Fontainebleau, home of French Royalty for over 700 years, including a series of Louie, Louie, Louie’s, Emperor Napoleon, Josephine, and more survives as an architectural and artistic history of France. There are 1500 rooms, w/ marble halls, gilded ceilings and paintings larger than a two-car garage door. I’d always heard of this place, I’ve seen the view of the grounds from the sky while watching the Tour de France. It is magnificent. The famous double staircase is a historical architectural feature built during the reign of Louis XIII (1610-43) by Androuet du Cerceau. The staircase leads to the entry of the Chapel. Since the French Kings saw themselves as God, I suppose guests who were invited to arrive at this grand stair would be expected to worship the King. The enormity overwhelms you. It helps to focus on the tiny decorative features such as these tiny carved hearts and the colors of the cape in yet another portrait of someone obviously famous but unknown to me.
The lake in front of the castle has a small pavilion that seems to float on the water. Louis the XIV had this built. Accessible only by boat it was large enough for dinner parties and gave the guests a grand view back toward the castle. Renovated and in good condition now, it glows in the afternoon sun.
I was here to see the garden and a wander around the garden borders of summer flowers including dahlias, heliotrope, zinnias, gomphrena, surrounding a square reflecting pond and grass parterres. The siting of the castle, which was added onto over the centuries, doesn’t feature great views of the garden. I’m glad I saw it, it has a history of the centuries reflected in its halls. The garden was not the most significant feature. The forest of Fontainebleau was the prime feature, hunting the major pastime and the game ended up on the dinner table. This was not the era of grazing cattle herds. Venison, rabbit, and pheasant were the idea of a grand meal. There is much to be learned from history, some of it painful. Preserving it is a real financial burden but also a piece of the life and beauty of another time.
What I do for art & gardens! The steps up to Montmartre nearly did me in. My destination was Renoir’s garden at the Musée de Montmartre in the hedonistic arts district of the Moulin Rouge. This home is now a museum honoring the multitude of artists that congregated here, Auguste Renoir, Emile Bernard, Raoul Dufy, Suzanne Valadon & Maurice Utrillo. The garden came complete with a painterly Frenchman. . . .though today he was looking at his phone.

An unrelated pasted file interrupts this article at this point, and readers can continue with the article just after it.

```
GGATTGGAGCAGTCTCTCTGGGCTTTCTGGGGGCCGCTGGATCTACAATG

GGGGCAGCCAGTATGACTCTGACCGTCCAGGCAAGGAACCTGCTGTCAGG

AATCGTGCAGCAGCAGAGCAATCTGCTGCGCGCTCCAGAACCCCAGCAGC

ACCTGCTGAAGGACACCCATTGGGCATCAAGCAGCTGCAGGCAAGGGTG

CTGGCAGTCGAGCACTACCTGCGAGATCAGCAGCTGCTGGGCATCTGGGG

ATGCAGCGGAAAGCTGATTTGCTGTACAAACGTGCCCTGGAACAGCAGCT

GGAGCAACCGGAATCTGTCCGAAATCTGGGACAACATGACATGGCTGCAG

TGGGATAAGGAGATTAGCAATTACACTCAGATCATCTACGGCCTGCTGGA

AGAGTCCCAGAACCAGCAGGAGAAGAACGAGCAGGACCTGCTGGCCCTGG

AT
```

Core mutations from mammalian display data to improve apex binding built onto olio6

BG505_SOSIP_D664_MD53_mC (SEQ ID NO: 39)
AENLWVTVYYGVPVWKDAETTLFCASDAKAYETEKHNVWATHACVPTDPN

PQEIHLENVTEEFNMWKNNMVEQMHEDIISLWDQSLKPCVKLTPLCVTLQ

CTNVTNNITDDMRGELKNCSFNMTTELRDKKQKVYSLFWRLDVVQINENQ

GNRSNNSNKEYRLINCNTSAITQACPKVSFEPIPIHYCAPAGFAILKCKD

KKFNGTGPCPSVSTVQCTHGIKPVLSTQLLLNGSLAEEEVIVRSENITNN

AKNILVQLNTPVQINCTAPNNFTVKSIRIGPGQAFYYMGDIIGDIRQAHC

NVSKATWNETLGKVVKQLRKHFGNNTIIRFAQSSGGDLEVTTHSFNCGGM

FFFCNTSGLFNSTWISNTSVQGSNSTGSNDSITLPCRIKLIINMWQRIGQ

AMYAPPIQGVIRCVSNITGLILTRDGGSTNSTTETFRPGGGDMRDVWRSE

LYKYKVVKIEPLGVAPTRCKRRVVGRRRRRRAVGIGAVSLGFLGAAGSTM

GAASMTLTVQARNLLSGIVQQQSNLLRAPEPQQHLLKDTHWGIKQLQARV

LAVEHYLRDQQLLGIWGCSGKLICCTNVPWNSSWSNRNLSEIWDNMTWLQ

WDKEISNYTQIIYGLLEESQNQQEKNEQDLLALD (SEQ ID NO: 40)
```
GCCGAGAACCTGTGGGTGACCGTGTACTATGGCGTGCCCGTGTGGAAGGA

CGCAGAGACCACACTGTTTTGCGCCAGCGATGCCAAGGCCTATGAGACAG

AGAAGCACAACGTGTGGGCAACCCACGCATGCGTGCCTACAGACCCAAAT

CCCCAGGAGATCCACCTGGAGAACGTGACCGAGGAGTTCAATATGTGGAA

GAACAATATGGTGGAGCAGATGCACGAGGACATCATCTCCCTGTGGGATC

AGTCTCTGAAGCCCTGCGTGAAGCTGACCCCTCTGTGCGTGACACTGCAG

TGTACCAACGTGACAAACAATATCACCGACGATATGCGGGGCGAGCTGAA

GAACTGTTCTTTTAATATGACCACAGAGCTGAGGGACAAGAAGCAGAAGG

This is a museum with an outstanding collection of art (none of Renoir’s though) and the painting studio shown as if the artists are still working here is an additional bonus. I’ll always remember this spot as the location where two pleasant 40’ish women targeted me. One politely inquired if I was in line for the museum entry while her accomplice targeted my crossbody bag. I never noticed a thing as she unzipped it, pulled up the velcro tab on an inside pocket, unzipped the money pouch and made off with 120 euros. Ahh. . . travel memories!
Square du Vert-Galant, is a tiny public garden on a little island in the center of Paris. You find it under the Place du Pont-Neuf bridge. Its impressive collection of plants and trees earned it an ecological distinction in 2007. It is well-loved by locals for relaxing with friends and lots of kissing couples on benches. As I visited there was an impressive temporary sculpture exhibition. Pretty in pink flowers, families were sitting on the grass, small dogs were walking their masters near the shrubbery as above at street level the city activity rushed by.
This residents of this city use its parks and gardens and as a tourist, I am grateful for the chance to explore these places. Some can be rundown, this lovely site had a warning about rats, but gardens require effort and care wherever they are located. Paris does indeed have gardens both large and small.
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Linda, what an awesome trip. Thank you for sharing. Yes, the temporary sculpture exhibition at Square de Vert-Galant was lovely.